- The Washington Times - Wednesday, September 3, 2008

BANGKOK | Thailand’s embattled leader struggled to keep the peace and his grip on power Tuesday after declaring a state of emergency that was openly flouted by thousands of protesters against the government in the capital.

While Prime Minister Samak Sundaravej sought to tamp down newly violent unrest pitting largely prosperous urban forces against the country’s impoverished rural majority, he also was hit by an electoral commission finding that could disband his party and bar him from politics.

Mr. Samak said he had no choice but to impose emergency rule in Bangkok after a week of political tensions exploded into overnight rioting and street fighting between his supporters and opponents that left one person dead and dozens injured.

His decree gives the military the right to restore order, allows authorities to suspend civil liberties, bans public gatherings of more than five people and bars the media from reporting news that “causes panic.”

Mr. Samak and the army chief, Gen. Anupong Paochinda, both said authorities viewed emergency rule as a last resort and stressed they wanted to avoid violence.

Tensions remained high as thousands of protesters, demanding Mr. Samak’s resignation, defied the ban on assembly by staying camped out at the prime minister’s official compound, known as Government House, which they seized seven days earlier.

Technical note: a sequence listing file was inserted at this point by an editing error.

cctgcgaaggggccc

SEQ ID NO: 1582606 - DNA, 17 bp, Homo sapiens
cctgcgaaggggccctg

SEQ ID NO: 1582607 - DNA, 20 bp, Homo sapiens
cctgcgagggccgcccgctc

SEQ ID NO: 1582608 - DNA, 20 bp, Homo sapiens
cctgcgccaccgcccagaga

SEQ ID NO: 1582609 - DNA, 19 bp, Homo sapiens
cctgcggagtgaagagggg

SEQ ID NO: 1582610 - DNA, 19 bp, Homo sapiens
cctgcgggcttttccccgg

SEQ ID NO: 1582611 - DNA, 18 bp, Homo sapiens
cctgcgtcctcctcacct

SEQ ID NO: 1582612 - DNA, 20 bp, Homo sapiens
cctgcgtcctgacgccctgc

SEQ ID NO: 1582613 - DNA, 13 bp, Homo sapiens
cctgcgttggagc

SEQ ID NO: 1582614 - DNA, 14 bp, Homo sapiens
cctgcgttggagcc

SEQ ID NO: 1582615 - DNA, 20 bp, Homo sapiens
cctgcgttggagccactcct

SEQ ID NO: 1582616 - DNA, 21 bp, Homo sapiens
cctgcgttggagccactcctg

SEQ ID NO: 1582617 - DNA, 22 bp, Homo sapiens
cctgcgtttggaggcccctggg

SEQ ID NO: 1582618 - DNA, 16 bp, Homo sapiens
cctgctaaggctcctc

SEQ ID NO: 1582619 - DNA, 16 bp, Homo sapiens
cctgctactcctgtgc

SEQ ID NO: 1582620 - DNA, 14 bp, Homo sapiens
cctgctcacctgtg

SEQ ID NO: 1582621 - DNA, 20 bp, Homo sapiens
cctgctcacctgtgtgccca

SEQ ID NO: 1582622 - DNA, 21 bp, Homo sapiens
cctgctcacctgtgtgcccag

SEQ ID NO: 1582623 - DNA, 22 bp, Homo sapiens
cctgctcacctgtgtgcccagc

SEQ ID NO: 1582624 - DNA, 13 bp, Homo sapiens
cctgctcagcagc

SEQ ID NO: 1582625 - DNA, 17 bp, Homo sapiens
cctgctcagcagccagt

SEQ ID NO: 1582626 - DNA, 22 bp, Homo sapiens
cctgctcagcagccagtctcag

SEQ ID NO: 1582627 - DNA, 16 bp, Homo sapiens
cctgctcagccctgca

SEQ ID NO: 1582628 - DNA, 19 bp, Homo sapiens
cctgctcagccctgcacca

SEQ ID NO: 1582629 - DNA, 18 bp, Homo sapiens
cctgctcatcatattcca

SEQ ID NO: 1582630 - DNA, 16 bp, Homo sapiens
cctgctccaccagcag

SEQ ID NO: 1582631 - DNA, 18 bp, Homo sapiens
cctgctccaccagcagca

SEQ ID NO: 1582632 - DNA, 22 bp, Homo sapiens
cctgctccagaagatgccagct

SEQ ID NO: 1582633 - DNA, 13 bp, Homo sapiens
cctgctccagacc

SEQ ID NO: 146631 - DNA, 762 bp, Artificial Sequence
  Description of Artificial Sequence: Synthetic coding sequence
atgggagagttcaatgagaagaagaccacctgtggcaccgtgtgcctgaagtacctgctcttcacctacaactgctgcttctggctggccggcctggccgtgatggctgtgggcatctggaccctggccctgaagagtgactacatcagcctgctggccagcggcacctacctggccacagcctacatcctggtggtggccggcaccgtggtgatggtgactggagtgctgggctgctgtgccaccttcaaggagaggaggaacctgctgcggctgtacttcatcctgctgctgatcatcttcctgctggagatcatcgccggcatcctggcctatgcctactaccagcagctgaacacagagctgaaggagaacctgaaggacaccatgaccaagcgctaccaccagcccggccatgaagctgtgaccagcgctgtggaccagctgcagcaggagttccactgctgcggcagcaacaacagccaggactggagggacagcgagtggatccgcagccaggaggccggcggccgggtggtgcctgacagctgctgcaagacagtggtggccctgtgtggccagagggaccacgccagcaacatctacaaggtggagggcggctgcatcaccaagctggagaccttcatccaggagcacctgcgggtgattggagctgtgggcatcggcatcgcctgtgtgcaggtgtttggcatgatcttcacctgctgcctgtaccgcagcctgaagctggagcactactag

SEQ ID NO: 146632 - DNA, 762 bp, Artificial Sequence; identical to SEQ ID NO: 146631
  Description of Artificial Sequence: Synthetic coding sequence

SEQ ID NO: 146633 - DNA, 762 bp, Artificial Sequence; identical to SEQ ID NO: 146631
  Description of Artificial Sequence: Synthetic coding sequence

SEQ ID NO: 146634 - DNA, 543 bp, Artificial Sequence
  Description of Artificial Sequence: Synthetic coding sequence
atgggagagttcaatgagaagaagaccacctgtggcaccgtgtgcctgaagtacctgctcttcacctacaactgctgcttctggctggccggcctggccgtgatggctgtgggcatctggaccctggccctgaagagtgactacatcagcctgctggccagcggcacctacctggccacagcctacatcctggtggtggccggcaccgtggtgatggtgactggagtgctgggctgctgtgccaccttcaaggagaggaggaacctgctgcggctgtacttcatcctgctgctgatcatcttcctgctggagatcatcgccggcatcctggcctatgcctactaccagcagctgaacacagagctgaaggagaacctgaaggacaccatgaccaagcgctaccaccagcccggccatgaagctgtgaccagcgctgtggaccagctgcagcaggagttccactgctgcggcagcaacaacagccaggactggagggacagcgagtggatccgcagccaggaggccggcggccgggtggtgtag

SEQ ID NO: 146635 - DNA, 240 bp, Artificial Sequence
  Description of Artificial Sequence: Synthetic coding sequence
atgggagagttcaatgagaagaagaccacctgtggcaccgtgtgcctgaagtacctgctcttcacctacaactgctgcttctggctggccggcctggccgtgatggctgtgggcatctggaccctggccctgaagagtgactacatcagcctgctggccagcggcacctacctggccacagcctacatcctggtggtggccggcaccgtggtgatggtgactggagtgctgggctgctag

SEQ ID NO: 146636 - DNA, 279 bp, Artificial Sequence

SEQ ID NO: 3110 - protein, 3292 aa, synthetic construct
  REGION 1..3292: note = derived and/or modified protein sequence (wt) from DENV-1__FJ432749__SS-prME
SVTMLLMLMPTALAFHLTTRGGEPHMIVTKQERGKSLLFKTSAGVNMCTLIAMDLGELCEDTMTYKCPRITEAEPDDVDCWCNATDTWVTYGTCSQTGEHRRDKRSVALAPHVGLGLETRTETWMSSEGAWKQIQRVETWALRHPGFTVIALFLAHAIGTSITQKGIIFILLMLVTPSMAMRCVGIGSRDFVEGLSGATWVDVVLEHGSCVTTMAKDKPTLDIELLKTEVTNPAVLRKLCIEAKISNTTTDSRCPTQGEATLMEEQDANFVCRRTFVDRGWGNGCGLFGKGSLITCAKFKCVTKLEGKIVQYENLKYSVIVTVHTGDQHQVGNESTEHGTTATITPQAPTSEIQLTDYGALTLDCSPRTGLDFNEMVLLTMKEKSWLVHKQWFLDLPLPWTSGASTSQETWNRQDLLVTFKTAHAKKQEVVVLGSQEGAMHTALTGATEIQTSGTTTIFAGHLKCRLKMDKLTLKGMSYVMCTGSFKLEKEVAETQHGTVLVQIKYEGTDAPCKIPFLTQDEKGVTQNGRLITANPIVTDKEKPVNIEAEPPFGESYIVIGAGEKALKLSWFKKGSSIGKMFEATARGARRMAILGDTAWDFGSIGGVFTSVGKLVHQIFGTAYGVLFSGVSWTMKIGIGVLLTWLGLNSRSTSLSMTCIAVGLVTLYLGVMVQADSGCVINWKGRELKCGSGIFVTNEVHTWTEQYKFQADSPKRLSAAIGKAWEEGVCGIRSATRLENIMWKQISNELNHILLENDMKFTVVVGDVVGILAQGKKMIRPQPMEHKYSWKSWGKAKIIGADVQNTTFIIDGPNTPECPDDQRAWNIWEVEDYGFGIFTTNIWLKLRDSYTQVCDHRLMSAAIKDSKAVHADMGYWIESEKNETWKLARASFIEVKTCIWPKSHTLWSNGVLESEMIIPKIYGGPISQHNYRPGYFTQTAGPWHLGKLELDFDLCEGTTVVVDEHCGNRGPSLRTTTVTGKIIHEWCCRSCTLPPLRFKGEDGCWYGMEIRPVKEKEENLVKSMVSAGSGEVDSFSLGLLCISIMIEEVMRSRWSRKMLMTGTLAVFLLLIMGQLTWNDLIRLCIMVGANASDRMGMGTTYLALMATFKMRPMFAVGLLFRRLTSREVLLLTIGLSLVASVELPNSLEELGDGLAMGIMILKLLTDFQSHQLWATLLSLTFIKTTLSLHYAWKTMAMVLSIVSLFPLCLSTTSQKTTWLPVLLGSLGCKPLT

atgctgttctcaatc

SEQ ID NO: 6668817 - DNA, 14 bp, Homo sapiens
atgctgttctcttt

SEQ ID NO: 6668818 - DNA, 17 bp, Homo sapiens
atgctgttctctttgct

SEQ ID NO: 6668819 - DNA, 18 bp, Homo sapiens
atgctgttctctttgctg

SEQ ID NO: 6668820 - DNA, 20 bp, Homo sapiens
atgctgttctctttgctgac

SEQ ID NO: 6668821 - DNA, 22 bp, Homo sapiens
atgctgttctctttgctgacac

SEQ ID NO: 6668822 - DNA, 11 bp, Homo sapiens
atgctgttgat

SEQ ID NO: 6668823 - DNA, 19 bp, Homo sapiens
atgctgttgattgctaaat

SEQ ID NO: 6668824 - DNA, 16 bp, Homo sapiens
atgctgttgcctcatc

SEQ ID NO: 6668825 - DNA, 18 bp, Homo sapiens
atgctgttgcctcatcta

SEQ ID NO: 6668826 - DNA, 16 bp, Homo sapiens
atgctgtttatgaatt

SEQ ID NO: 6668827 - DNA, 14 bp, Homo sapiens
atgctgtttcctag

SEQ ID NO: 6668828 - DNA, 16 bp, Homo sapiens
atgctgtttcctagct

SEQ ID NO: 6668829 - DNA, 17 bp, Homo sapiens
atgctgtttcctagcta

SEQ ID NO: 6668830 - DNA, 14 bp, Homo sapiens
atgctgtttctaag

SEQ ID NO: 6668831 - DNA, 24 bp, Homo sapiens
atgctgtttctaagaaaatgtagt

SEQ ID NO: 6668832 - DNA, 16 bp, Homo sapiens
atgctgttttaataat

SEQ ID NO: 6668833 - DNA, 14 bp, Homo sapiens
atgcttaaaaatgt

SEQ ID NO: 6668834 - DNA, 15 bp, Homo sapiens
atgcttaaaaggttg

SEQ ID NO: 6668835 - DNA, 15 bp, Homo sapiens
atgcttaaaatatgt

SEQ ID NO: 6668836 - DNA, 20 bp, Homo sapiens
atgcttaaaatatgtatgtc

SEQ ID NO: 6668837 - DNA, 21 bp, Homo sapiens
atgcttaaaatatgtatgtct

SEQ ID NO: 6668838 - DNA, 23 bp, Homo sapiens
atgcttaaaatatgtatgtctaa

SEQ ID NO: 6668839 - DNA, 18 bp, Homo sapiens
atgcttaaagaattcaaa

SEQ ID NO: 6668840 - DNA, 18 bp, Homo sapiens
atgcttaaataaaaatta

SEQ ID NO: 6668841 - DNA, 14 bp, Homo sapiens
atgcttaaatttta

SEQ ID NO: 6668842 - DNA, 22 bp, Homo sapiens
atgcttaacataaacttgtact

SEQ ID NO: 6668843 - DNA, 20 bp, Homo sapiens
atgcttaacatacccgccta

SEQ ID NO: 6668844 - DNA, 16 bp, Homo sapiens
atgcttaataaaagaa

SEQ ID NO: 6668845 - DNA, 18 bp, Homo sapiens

As a precaution, City Hall ordered 435 public schools closed for three days, while some international private schools opted to shut for a week. The U.S. and other nations warned their citizens of the danger of violence in the capital.

A labor federation for state employees said 200,000 of its members would go on strike to support the protesters. Their walkout could disrupt train, bus and air service and cut electricity and water to some government buildings, said Sawit Kaewwan, secretary-general of the State Enterprise Workers Relations Confederation, which comprises 43 unions for state employees.

Yet another challenge confronted Mr. Samak when the Election Commission recommended Tuesday that his People’s Power Party be disbanded for fraud during elections last year. Mr. Samak and other party leaders would be banned from politics for five years if judicial authorities upheld the ruling, although other members could form a new party and retain power by winning new elections.

The group behind the anti-Samak protests, the People’s Alliance for Democracy, was formed in 2006 to demand the resignation of then-Prime Minister Thaksin Shinawatra, eventually paving the way for the bloodless coup that ousted him. Mr. Thaksin, a telecommunications tycoon, recently fled to Britain to escape corruption charges.

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